Neuroeconomics ECON5146

  • Academic Session: 2023-24
  • School: Adam Smith Business School
  • Credits: 10
  • Level: Level 5 (SCQF level 11)
  • Typically Offered: Semester 2
  • Available to Visiting Students: No

Short Description

Neuroeconomics is an emergent framework that seek to understand how humans make decisions by looking for brain activity and mental states underpinning decision-making processes. Neuroeconomics integrates methods, insights, designs and research horizons between the scientific study of the brain and economic theories and experiments. This course introduces students to neuroscientific contemporary technologies to show how they have been used to implement ideas, experiments, models and theories in the study of human choices. The course will begin by presenting a critical and engaging overview of how the study of decision-making processes evolved from neoclassical theory through the advent of behavioural economics in order to understand the rising necessity to complement classic measures of subjects' choices with data from neuroimaging and other methods. The module thus creates a natural synergy with topics covered by other modules in Behavioural Economics, but focusing on how they might be reappraised, updated and reassessed by looking at the working of the human brain.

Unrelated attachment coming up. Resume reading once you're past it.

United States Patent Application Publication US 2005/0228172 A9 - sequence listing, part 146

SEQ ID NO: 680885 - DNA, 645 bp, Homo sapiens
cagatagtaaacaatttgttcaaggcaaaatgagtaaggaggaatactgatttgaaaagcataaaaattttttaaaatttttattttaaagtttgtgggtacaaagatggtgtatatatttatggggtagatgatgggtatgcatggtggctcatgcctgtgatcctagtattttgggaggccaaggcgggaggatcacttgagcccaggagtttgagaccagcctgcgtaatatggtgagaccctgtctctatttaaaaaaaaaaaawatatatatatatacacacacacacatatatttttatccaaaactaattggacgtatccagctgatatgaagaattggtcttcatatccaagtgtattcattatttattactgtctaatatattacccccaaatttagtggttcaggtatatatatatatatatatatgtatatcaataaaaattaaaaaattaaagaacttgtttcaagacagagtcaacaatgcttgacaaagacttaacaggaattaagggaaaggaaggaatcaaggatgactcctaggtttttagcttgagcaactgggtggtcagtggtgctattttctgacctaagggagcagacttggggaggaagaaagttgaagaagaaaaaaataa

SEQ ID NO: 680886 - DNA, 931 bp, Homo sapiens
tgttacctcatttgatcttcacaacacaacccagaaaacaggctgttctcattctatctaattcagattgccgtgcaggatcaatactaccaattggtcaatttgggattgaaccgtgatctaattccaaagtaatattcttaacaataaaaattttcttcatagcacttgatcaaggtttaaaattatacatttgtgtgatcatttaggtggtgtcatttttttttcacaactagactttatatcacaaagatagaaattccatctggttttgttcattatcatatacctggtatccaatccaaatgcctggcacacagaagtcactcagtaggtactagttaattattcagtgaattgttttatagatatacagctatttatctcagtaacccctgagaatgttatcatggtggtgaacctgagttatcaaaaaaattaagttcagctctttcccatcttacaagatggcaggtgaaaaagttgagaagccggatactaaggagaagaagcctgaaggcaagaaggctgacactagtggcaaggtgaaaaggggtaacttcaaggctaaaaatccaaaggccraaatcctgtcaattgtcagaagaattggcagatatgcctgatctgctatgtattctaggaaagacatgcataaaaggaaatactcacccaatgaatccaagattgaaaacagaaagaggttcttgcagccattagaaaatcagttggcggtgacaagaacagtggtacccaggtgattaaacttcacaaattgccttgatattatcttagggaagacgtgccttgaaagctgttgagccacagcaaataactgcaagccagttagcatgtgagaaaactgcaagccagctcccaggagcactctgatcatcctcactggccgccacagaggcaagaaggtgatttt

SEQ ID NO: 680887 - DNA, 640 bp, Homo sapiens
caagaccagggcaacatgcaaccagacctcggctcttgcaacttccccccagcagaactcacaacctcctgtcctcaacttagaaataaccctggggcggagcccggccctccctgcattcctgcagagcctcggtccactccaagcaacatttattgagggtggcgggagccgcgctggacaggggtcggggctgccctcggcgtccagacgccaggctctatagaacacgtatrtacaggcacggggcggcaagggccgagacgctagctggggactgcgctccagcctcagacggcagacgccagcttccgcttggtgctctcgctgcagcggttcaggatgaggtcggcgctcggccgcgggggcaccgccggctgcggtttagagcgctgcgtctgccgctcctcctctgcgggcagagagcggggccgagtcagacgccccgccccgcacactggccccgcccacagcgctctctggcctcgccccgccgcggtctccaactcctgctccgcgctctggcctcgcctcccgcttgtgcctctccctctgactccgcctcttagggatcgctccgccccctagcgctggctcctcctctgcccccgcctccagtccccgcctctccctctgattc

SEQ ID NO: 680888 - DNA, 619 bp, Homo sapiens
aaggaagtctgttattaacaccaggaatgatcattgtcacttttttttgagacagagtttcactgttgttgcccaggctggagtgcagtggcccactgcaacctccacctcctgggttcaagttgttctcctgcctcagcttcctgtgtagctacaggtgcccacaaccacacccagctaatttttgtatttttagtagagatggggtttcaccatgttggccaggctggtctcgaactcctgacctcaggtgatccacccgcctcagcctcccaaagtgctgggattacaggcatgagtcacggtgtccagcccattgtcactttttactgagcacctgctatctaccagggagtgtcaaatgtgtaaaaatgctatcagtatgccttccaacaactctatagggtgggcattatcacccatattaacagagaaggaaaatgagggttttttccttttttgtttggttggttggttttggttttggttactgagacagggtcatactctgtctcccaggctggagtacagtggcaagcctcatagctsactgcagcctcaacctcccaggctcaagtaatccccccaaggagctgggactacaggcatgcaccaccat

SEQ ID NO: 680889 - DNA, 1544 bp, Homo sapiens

Lectures (5x2hours) in 5 consecutive weeks. These are interactive lectures for which asynchronous activities will be included for preparation (e.g., online forum on Moodle).

Tutorials (2x1hour) in alternate weeks.

On campus

Requirements of Entry

Please refer to the current postgraduate prospectus at:

Excluded Courses






Main Assessment In: April/May

Course Aims

This course aims to:

- offer an introduction to the recently developed discipline of Neuroeconomics, showing students how integrating knowledge about the human brain under decision processes can cast new light on resilient economic problems and core issues.

- contextualise the emergence of this discipline at the intersection of Economics, Psychology and Neuroscience within the broader history of neoclassical and behavioural economics.

- make the case for the importance of neuroeconomics in providing new frameworks, tools and research avenues for economic research by studying the underlying neural and mental states during decisional processes.

Intended Learning Outcomes of Course

By the end of this course students will be able to:

1. Analyse the context and motivations behind the rise of Neuroeconomics

2. Explain how the brain works and what its role is in preference formation and decision-making

3. Identify the methods and the most common techniques used in Neuroeconomics to conduct experiments

4. Discuss the neuroscientific findings and their implications for Economics

Minimum Requirement for Award of Credits

Students must submit at least 75% by weight of the components (including examinations) of the course's summative assessment.